28 Advantages of using HPLC technique
The compounds retention time can be directly related to the distribution between the stationary and the mobile phase, there is no need for concentration determination. By changing the stationary phases and the mobile phase composition various types of lipophilic interactions can be investigated. Impurities do not affect results as they are separated from the main peak and the compound of interest can be identified. The advantages of the chromatographic technique are that there is no need for concentration determination since the retention time is independent of the concentration or amount injected on the column. Various stationary phases can be used including biomimetic phases such as IAM, HSA. This allows different flavours of lipophilicity to be determined. As hplc is a separation technique impurities are separated from the main component

29 Advantages of using HPLC technique
Only small amount of material is needed. Parallel systems can be used to lower cost and increase throughput. With generic gradient hplc method, one method can be used with a variety of compounds; there is no need for individual customised method development. Provides an excellent platform for computer controlled automated measurements with computerised data acquisition. small amount of compound is needed for the measurements With parallelisation the throughput can be increased while lowering the costs. Using generic gradient methods, no time is wasted developing different methods for different compounds. Hplc can be easily automated which makes it very attractive for use in an environment where high throughput measurements are needed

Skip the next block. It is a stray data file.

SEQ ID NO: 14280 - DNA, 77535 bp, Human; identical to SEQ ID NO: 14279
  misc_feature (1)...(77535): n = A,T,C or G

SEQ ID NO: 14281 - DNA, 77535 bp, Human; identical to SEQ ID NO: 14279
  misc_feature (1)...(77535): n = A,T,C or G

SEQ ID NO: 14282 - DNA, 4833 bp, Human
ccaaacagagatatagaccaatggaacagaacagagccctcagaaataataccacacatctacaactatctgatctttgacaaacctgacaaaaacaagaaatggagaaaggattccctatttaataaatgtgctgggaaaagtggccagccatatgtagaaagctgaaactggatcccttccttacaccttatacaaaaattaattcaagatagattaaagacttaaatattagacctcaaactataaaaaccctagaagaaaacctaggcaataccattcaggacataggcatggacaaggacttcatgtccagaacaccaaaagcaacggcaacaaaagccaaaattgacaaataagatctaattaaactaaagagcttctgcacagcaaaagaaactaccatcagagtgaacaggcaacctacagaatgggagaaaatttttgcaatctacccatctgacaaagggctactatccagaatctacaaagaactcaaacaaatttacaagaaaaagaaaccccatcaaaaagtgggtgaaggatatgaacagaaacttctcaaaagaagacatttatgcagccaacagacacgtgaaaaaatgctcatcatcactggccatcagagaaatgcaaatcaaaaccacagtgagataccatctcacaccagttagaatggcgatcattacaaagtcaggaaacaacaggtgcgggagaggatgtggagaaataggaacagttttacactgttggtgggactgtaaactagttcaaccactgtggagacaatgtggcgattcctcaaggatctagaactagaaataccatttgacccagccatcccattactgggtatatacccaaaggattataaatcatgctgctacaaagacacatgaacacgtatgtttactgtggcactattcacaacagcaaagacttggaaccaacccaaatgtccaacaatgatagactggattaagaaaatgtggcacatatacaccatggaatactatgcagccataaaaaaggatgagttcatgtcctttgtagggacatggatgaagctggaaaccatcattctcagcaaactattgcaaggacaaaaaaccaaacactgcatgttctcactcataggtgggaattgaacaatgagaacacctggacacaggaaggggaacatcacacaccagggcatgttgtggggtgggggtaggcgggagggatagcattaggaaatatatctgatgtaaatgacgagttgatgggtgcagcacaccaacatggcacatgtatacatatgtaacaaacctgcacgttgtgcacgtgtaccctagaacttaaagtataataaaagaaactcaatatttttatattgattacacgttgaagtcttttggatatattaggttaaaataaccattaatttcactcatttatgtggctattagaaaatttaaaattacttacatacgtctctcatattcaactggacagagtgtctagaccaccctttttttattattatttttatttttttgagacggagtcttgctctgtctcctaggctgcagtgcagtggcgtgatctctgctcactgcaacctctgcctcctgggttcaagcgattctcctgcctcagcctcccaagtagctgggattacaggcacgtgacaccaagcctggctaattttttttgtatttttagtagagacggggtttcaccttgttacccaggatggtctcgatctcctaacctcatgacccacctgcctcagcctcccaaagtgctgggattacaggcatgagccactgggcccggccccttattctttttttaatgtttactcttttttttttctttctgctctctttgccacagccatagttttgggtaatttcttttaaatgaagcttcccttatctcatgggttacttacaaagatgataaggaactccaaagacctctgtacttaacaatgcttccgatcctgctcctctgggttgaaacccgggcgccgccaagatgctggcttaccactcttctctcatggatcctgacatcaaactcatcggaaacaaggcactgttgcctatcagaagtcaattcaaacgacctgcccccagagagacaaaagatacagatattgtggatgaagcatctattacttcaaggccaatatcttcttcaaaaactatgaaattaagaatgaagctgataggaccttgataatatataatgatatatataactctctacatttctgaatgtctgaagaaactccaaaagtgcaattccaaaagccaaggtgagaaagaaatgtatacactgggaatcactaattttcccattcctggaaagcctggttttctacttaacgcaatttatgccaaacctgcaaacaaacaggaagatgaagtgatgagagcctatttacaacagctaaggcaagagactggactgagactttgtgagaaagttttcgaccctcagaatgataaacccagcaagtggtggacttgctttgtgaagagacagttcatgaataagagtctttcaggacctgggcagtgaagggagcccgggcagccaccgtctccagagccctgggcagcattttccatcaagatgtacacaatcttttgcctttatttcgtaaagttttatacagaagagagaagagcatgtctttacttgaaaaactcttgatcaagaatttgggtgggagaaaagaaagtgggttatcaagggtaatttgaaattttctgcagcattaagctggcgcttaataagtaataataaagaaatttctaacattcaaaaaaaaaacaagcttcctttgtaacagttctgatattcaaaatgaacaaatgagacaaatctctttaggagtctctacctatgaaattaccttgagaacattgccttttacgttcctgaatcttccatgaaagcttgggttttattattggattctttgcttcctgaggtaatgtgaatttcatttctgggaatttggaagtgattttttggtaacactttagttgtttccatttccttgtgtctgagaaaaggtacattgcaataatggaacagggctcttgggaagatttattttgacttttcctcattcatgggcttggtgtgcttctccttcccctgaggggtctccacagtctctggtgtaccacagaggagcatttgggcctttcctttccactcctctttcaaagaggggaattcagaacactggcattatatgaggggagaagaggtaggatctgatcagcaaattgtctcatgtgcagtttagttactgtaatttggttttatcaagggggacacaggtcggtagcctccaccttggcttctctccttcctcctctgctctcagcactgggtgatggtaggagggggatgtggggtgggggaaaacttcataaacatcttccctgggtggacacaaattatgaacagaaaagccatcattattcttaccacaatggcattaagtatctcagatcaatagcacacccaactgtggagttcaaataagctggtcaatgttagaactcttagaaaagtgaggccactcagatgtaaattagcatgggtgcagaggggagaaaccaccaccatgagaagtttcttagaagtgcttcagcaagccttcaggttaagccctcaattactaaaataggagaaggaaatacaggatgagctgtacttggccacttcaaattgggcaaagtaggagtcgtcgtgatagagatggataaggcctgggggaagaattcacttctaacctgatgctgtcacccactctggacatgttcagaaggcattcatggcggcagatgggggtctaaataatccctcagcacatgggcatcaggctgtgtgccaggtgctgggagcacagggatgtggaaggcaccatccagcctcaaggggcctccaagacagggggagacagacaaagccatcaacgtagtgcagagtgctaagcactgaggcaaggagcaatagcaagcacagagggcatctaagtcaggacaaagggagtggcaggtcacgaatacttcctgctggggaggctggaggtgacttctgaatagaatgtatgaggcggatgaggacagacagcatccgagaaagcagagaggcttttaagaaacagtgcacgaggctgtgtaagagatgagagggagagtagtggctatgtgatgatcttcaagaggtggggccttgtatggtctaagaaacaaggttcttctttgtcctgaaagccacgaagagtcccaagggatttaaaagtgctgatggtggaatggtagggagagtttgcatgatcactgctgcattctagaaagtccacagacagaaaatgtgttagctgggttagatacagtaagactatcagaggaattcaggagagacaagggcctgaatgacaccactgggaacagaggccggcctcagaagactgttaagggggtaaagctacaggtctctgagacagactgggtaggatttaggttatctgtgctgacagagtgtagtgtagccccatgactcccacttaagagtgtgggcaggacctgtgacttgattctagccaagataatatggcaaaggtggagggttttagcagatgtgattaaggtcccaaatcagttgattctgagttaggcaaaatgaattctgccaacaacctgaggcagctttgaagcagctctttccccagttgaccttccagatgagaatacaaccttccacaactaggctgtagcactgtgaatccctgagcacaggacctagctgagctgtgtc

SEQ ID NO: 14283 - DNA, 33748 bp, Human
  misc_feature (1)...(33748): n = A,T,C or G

30 CONCLUSIONS HPLC provides an excellent generic platform for measuring lipophilicity, acid/base character and bio-mimetic partition properties. With the application of gradient methods and system calibration with known compounds, large amounts of reproducible data are obtained covering a wide dynamic range of the property. The extensive application of automated platforms and parallelised chromatography has enabled hundreds of thousands of determinations to be made per annum with a minimum of labour. The data are suitable to build local and general models to predict developability properties in early stages of drug discovery. To conclude, these messages can be taken home: HPLC is a powerful technique and provides an excellent generic paltform for measuring lipophilicity, acid/base character and bio-mimetic binding. The use of generic gradient methods and calibration enable a large amount of reproducible data to be produced. With the help of automation and parallel hplc systems, a large amount of data has been produced with minimum labour. These data are extensively used to help chemists to progress their projects and to build models for predicting developability properties.

31 Acknowledgements Klara Valko Chris Bevan Alan Hill Pat McDonough

32 Physicochemical Scientist - GSK